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Adirondack Explorer

Adirondack Explorer November/December 2018

Seven issues a year devoted to the enjoyment and protection of the Adirondack Park. In-depth writing and vivid photography bring the Adirondacks to life in tales of recreational adventure, coverage of environmental and policy issues and exploration of the communities that make up this unique six-million acre park.

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United States
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English
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Adirondack Explorer
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6 min.
briefs

Paddlers await ruling By Michael Virtanen A new ruling is expected by year’s end in the eight-year-old lawsuit that pits landowners against outside paddlers over rights to a two-mile waterway in the remote northwestern Adirondacks. State Supreme Court Justice Richard Aulisi, after hearing three weeks of trial testimony this summer, is tasked with deciding whether Mud Pond, its outlet and parts of Shingle Shanty Brook and Lilypad Pond are “navigable in fact” where they pass through private land and there-fore open to any canoeist or kayaker. The land is owned and controlled by the Friends of Thayer Lake LLC and affiliated Brandreth Park Association, whose members sued because they don’t want strangers on their land and waters. The defendant is former Adirondack Explorer editor Phil Brown, who in 2009 wrote an article for the magazine…

1 min.
sarah galvin

Age: 40 Birthplace: Plattsburgh Residence: Lake Placid Occupation: Co-owner of The Bookstore Plus Accomplishments: Completing the Adirondack 46 when I was a junior in high school. Completing a National Outdoor Leadership School semester in the Australian outback. Purchasing a first-generation independent bookstore and transitioning it into its second generation. Favorite outing: Hiking the Nun-da-ga-o Ridge loop. Favorite book: Charlotte’s Web—I love animals. Our newest four-legged family member is named Fern. Favorite book-reading spot: Anywhere I can sit! Why I live in the Adirondacks: I live in the Adirondacks because it’s in my soul. I love the mountains, the people, the towns and the change of seasons. If I were in charge of the Park: I’d keep a healthy balance between tourism and protection of the Park’s natural resources and beauty. I’d be open to trying new things while respecting…

1 min.
salt claims piling up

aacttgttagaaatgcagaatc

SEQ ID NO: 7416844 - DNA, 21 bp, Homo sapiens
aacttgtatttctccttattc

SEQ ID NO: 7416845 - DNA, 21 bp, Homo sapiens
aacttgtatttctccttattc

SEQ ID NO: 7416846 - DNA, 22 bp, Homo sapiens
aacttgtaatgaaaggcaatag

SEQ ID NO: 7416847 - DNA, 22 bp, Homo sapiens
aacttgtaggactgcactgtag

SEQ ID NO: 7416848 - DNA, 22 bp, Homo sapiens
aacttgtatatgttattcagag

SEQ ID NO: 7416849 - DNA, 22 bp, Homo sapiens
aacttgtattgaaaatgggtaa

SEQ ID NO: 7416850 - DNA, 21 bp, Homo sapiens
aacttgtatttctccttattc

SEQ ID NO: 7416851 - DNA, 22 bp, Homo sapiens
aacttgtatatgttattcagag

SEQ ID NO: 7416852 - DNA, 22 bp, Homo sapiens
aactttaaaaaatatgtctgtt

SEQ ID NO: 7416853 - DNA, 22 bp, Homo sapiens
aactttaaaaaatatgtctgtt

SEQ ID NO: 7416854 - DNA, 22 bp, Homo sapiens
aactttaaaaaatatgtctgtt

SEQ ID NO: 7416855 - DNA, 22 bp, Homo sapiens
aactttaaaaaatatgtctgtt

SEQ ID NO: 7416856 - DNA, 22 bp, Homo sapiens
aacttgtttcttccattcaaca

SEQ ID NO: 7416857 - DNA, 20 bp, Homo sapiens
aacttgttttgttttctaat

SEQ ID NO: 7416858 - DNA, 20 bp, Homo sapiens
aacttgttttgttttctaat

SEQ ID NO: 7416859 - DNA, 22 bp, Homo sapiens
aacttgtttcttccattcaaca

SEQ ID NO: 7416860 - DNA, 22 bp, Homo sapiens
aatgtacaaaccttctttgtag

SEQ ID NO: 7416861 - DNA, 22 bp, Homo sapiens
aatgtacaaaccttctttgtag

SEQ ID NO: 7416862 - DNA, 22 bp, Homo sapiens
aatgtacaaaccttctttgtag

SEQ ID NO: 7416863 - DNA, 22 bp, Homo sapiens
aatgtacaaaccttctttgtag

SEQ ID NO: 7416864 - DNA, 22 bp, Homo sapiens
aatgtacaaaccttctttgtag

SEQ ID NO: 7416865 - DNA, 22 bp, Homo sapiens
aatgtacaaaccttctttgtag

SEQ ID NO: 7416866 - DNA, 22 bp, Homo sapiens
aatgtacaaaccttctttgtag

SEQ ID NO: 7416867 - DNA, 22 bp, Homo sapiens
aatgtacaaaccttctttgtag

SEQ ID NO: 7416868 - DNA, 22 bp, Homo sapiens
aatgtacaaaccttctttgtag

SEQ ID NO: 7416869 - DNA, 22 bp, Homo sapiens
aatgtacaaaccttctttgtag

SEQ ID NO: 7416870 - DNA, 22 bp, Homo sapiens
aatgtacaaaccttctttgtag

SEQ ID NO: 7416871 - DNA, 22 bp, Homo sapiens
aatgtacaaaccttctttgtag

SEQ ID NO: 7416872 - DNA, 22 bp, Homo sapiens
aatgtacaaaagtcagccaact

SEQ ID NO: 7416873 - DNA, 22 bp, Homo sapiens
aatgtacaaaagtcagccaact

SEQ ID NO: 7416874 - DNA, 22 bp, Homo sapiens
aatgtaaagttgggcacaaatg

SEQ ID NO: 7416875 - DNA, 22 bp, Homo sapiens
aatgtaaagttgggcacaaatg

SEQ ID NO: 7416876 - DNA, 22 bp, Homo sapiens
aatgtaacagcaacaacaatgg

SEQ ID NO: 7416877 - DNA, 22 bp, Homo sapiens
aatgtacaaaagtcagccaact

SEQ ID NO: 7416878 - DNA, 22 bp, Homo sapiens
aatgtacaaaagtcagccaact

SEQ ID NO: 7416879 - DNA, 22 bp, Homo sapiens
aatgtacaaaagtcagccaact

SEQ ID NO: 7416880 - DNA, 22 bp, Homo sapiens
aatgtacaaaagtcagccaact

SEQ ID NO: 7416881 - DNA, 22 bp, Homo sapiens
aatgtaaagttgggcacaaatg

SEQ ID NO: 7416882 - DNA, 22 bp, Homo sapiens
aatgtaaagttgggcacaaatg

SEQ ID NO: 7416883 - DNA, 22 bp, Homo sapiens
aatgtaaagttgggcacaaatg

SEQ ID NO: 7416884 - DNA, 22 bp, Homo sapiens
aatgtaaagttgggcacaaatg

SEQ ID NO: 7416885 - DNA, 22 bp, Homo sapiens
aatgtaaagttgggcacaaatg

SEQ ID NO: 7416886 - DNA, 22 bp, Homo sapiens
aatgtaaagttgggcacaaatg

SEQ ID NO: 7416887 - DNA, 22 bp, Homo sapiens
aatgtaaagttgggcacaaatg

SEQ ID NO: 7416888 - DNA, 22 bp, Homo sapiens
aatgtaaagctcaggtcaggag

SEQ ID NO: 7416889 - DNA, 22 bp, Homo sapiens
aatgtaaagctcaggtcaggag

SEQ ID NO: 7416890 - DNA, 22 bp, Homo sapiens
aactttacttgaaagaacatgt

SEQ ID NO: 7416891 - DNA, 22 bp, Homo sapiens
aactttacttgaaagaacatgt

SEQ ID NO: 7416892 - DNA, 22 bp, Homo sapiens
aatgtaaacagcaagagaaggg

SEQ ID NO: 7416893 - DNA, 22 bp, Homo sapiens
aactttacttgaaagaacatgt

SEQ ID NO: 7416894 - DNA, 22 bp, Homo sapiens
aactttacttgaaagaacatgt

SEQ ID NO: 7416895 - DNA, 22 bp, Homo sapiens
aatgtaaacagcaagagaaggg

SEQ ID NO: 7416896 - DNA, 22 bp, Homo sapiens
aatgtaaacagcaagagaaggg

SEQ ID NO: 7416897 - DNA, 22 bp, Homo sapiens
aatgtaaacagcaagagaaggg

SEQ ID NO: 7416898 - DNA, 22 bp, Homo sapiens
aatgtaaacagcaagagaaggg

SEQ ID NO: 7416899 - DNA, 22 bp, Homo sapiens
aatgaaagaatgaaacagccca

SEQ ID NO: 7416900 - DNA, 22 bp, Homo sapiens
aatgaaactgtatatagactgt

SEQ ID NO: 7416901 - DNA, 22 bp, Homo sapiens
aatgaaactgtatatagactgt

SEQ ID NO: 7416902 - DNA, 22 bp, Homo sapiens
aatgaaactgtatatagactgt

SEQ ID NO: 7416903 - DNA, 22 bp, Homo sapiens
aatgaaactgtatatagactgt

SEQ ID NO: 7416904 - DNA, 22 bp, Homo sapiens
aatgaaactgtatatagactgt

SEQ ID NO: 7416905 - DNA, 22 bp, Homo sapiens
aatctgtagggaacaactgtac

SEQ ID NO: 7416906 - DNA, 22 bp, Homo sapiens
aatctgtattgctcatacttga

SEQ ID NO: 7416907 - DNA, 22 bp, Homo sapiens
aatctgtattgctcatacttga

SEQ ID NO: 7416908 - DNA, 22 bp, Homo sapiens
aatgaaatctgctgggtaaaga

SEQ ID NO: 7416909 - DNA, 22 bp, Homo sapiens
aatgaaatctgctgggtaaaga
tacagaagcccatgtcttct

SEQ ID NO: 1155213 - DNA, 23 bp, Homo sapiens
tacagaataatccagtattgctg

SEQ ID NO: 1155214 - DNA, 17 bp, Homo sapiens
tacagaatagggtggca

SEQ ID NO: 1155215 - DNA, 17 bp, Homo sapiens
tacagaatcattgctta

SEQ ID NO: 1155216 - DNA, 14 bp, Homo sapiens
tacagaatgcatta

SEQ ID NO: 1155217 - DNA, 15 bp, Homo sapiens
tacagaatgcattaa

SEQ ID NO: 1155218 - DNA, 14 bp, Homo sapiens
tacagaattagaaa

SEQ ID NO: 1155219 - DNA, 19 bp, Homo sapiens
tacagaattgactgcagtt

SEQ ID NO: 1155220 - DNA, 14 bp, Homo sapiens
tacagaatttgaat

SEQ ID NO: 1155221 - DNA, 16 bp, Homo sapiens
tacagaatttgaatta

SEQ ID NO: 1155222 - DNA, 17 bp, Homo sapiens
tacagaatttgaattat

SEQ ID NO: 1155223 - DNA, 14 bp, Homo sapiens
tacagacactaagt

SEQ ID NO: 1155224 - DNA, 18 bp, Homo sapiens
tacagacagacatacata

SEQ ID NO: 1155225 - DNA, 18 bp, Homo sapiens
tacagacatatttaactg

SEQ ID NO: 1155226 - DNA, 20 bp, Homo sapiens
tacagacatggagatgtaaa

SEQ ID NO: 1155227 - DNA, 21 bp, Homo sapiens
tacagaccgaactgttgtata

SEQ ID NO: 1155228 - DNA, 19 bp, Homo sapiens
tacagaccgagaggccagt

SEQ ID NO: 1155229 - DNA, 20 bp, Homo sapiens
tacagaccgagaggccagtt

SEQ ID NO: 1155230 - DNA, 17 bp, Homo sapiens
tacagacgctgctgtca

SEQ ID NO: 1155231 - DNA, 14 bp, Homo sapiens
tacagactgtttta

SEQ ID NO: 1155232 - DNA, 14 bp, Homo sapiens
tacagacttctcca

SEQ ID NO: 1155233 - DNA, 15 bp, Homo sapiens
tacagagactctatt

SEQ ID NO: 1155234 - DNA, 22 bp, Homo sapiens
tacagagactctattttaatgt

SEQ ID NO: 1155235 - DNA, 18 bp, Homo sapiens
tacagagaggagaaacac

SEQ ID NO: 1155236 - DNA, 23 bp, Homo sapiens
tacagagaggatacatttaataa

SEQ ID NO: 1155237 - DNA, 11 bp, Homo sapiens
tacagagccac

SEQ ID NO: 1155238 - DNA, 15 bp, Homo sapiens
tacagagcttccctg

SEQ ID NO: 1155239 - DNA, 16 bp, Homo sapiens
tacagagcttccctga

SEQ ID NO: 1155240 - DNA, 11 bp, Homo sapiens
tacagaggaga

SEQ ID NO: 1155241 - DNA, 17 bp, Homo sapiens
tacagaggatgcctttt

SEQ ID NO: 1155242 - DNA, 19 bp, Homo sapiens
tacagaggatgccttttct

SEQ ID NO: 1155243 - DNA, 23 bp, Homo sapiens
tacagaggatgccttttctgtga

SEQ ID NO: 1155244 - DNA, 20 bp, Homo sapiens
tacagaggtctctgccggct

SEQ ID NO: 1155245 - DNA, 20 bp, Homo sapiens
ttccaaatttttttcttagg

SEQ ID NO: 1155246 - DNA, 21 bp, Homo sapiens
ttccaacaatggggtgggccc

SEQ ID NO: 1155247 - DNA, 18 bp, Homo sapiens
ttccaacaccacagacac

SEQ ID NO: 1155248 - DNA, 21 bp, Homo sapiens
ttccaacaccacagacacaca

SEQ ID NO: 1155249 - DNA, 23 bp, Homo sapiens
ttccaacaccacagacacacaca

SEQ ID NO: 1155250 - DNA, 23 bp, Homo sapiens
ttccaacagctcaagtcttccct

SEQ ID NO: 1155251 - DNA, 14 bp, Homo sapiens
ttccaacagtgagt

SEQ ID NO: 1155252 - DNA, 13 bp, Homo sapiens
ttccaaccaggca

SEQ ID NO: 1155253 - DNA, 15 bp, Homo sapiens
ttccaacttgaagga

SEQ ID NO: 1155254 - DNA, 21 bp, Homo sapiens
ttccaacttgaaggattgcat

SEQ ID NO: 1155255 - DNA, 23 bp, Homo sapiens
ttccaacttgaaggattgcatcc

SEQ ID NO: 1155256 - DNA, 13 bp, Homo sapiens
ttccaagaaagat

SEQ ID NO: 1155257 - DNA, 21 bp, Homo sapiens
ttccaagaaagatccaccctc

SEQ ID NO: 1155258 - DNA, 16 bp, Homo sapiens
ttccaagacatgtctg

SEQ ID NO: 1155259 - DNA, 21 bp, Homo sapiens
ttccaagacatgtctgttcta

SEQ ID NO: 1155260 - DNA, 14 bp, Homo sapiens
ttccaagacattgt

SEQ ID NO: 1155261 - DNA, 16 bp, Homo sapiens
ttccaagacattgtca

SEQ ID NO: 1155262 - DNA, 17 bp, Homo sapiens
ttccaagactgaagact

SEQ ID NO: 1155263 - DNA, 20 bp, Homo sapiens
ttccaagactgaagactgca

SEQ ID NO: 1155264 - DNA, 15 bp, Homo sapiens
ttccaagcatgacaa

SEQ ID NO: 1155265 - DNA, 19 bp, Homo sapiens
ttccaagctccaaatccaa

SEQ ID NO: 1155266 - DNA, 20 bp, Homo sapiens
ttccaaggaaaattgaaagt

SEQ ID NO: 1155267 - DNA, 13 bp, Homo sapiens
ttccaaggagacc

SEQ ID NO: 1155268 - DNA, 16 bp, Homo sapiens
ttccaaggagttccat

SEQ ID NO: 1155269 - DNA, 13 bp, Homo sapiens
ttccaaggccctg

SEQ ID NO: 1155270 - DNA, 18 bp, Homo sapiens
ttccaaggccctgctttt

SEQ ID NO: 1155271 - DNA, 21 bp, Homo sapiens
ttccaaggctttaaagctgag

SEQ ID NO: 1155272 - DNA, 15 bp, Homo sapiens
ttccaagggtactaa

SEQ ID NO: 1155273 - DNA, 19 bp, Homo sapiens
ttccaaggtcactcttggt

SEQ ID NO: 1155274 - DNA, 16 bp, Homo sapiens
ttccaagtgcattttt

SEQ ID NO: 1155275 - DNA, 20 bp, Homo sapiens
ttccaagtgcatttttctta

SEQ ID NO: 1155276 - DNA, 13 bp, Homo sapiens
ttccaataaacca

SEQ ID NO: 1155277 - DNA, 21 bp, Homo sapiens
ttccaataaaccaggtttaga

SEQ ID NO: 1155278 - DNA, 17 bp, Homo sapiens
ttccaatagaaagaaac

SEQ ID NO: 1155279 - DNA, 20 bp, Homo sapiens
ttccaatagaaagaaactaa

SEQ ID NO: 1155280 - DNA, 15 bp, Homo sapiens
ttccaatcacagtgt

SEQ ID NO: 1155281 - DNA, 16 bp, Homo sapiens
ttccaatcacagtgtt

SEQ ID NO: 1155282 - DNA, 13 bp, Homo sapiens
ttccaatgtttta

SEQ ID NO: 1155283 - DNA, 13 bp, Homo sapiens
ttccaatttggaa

A potential lawsuit over road-salt contamination in the Adirondacks began gathering clients this fall. Notices of claim have been filed on behalf of a dozen clients against the state and several Adirondack counties and towns that spread salt, generally on behalf of the state, seeking the cost of drilling new, uncontaminated wells, attorney Bill Owens said. “We’re really in the very early stages.” PREVIOUS STORYThe Adirondack Watershed Institute tested 358 wells and found that water from sixty-three wells—more than half of those that are downslope from state roads—contained sodium at levels above the federal guideline of 20 parts per million for people on low-sodium diets. The median level was 26 ppm, and the maximum was 748 ppm. Dan Kelting, the institute’s director at Paul Smith’s College, said Adirondack water usually contains less than…

9 min.
the pollution patrol

Water is the lifeblood of the Adirondack Park’s tourism, adventuring and second-home economy, as well as its wilderness. Its lakes and rivers face multiple threats ranging from salt to human waste and invasive plants and aquatic animals. Hundreds of volunteers routinely monitor or test many waterways, including Nevton Dunn, who has a home on Mirror Lake. Dunn, a retired engineer, often canoes the roughly 2.5-mile perimeter of the lake in a lightweight solo boat, collecting any trash he finds and almost daily yanking out non-native purple loosestrife plants. Last year Dunn discovered sewage leaking into Mirror Lake. “It was black water and a sewer odor,” Dunn recalled. “It was very localized.” The dark pool was about seven feet by ten feet, and evidently came from one of the nearby motels laundering clothes and sheets that…

9 min.
remote jobs on the line

Need proof that getting universal high-speed broadband internet access in the Adirondacks is a vital piece of the region’s economic jigsaw puzzle? Just ask Suzanne Hurtado, who lives on Lost Pond. Within days of getting fiber-optic access in 2017, she was able to live video chat several times a day with students she teaches in China. Yes, China. “At the start, I had satellite internet,” she shared in an email with Joe Steiniger, chair of Schroon Lake’s broadband committee. “Many times my classroom would not load and I could only teach early in the morning and only one class a day, [affecting] my pay and bookings. Our fiber-optic internet was installed mid-December and it has been wonderful!” It’s a story echoed by others in Schroon Lake, according to Steiniger. Within ten days of…

8 min.
3 peaks, 1 great day

On a Saturday a few winters ago, I awoke late and started thinking of where to go backcountry skiing. I wanted to go someplace new, but given the hour, it couldn’t be too big of an outing. Then it struck me: Goodman Mountain near Tupper Lake. The state opened a trail to the summit a few years earlier. Most of the route is fairly mellow, with open woods suitable for off-trail skiing. On the drive from Saranac Lake, I decided to ski nearby Coney Mountain too. If only I had not been such a late riser, I thought, I could ski Mount Arab as well. A Tupper triple crown—what a novel idea! As I got out of my car in the Goodman parking area, a guy on telemark skis emerged from the woods. “Did…